(Pocket-lint) – The Renegade is the baby of the Jeep family, carrying that distinctive grille and boxy looks, giving compact SUV style while retaining some of that off-road capability associated with Jeep.
The Renegade is, however, in its basic form, a front-wheel drive vehicle, with all-wheel drive (AWD) reserved for some of the higher power engines in the past. That baton is now passed to the 4xe, which can not only boast electrification, but AWD too.
Tonka toy looks
The Jeep has always been iconic, and while the Wrangler still carries much of what made this brand attractive to a lot of people, the softer-looking SUVs still carry some of those charms. The Renegade has an interesting proportionality, with a strong boxy look from the front, wheels planted close to the corners, and a high roof and ride height.
The rear of the Renegade takes some looking at though – no matter how often we look at the hind quarters of the Renegade, it always seems a little abrupt, like it should be a little longer. There are advantages to it being shorter – it’s easier to park for one – while the big hatch rear door means you can shelter from the rain while changing out of your muddy walking boots.
In many ways, the 4xe reminds us of the Kia Soul, and we definitely think it looks better with larger wheels, because there’s no escaping the toy-like looks.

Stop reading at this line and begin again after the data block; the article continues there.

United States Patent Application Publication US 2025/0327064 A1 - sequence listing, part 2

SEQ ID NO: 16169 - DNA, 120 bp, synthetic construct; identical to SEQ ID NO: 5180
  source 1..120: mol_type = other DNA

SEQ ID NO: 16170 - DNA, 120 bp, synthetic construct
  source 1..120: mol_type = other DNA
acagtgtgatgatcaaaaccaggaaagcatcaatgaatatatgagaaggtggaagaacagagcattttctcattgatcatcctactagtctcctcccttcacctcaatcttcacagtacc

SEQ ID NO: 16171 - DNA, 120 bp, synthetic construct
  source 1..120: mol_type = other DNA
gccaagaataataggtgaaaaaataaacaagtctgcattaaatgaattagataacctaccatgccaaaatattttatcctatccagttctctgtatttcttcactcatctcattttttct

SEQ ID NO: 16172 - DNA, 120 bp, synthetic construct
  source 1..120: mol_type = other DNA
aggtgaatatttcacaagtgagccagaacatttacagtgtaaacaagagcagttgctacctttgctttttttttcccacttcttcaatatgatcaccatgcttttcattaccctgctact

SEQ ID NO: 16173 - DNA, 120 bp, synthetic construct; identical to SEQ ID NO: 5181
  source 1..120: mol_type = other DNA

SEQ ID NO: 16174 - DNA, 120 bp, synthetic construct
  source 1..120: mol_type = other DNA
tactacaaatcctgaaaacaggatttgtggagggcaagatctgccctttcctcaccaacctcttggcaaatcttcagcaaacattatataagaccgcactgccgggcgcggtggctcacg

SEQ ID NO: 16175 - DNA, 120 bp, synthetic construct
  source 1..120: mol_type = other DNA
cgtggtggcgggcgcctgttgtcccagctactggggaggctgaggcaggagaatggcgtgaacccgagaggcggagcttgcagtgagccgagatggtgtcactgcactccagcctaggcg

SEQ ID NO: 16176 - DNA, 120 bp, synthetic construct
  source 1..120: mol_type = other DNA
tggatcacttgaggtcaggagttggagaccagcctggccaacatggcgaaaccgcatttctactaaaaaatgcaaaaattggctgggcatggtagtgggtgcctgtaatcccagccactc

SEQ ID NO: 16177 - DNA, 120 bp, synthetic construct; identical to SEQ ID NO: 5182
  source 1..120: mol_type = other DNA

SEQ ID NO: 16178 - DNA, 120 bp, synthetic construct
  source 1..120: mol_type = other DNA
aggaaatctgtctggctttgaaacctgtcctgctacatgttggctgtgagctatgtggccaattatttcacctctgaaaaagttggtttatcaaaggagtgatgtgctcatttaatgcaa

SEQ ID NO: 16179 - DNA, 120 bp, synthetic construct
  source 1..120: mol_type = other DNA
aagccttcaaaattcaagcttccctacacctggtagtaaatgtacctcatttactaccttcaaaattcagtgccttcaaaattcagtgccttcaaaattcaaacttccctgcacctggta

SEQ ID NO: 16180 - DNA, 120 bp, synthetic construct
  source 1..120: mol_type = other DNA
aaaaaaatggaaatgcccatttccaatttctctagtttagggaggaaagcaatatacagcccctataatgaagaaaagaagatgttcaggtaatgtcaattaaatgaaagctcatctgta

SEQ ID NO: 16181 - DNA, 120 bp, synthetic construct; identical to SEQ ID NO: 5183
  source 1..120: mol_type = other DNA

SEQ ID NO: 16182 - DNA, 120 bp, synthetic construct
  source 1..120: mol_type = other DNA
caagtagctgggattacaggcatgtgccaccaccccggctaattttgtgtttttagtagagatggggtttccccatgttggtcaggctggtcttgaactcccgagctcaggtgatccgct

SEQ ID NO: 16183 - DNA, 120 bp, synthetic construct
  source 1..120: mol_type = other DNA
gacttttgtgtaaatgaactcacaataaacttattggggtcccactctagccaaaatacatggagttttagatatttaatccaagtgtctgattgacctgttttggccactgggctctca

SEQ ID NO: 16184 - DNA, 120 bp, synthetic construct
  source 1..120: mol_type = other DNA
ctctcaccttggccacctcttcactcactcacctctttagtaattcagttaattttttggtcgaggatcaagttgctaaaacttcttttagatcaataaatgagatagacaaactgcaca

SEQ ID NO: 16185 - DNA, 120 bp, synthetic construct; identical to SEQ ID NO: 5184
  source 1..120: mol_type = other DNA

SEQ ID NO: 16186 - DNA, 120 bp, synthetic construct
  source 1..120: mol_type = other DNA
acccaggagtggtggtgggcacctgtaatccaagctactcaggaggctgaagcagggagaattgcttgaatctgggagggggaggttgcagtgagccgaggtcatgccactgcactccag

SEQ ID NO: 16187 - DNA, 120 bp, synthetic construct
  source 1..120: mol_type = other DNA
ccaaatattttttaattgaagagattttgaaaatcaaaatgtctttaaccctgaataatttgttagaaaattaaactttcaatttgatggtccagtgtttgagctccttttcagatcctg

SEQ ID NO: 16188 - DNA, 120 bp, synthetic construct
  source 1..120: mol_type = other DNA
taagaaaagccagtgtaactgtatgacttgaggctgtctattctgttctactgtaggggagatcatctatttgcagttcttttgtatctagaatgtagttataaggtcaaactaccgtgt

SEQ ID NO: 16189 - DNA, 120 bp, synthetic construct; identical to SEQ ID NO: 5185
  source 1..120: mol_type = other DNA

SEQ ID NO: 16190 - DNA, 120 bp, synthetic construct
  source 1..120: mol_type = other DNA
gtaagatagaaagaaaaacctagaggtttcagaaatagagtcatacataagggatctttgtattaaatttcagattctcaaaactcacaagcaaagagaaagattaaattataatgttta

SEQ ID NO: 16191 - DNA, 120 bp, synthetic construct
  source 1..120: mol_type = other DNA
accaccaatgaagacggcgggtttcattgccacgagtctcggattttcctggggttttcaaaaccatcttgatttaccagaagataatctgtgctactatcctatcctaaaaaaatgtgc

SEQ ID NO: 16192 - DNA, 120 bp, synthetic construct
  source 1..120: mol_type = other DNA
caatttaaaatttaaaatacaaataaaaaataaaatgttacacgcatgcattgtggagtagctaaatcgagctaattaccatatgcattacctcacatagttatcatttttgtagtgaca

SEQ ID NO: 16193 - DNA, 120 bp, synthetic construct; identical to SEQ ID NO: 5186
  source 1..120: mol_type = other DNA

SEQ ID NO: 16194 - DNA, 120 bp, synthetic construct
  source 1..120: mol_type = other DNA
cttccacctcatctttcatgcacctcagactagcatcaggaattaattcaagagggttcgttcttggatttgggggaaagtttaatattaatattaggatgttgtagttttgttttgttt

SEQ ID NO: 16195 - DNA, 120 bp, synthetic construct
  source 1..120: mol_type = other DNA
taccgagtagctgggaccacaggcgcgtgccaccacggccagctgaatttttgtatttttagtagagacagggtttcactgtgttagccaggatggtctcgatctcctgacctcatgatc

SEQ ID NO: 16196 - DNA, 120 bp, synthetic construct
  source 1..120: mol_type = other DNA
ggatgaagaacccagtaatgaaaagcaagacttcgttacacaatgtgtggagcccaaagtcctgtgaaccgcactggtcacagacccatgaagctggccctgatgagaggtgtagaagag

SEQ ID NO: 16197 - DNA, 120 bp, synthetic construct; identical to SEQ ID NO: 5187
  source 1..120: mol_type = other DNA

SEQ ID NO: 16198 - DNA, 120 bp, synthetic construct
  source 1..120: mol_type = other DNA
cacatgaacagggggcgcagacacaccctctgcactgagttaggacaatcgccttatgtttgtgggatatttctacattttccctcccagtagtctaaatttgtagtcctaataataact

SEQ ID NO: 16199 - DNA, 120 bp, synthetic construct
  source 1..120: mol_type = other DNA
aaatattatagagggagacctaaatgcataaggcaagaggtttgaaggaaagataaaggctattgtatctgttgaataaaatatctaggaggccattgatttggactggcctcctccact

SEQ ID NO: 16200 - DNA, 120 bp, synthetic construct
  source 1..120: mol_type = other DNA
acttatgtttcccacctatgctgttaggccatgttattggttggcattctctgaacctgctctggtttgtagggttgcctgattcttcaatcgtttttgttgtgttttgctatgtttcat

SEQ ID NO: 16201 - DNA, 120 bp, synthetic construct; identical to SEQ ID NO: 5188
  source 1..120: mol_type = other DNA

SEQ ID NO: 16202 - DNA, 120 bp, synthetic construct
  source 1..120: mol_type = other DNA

The boot itself has a capacity of 330 litres, which isn’t huge and firmly cements the Renegade as a compact SUV.
The Renegade also offers a range of exciting colours and given its chunky looks, we’re of the mindset that something with pop shows-off this car better, like the so-called Bikini paint on our review model.
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Paired with the Trailhawk trim, which adds that black stripe to the bonnet and 17-inch wheels (which come with mud and snow tyres), there’s a gulf of space in that wheel arch allowing for plenty of travel, so this thing will actually go off-road too.
The high ride height of the Renegade will certainly appeal to a lot of drivers, given that SUVs being so popular. But while many SUVs are pretending to be hatchbacks, the Renegade at least feels a little more utilitarian – and there’s appeal in that.
Once you slip into the interior there’s good knee space for the rear seats and plenty of head room, but it does feel as though this car is stacked a little tall – the space is mostly above you.
You can seat three across the back row, but the middle seat is a little cramped. The front seats are comfortable, though, featuring leather trim and red stitching, while much of the rest of the cabin uses dark hard or soft plastics in many places.
The utilitarian feel continues with a huge grab-handle in front of the front passenger, while the centre of the car sees a rather small (by modern standards) infotainment display.
The interior layout is a little odd really – it feels like there’s a lot of space in front of the dash, made more noticeable by the boxy design. Still, we found it perfectly comfortable for long drives with plenty of adjustability in the seats, good visibility and a layout of controls that’s mostly practical and easy to understand.
The steering wheel has plenty of buttons, which sees cruise control and driver display controls on the face, pushing the volume controls and media source and select buttons to the rear of the steering wheel. It’s a simple solution – and while you never see these buttons, it only take a few moments to get used to them.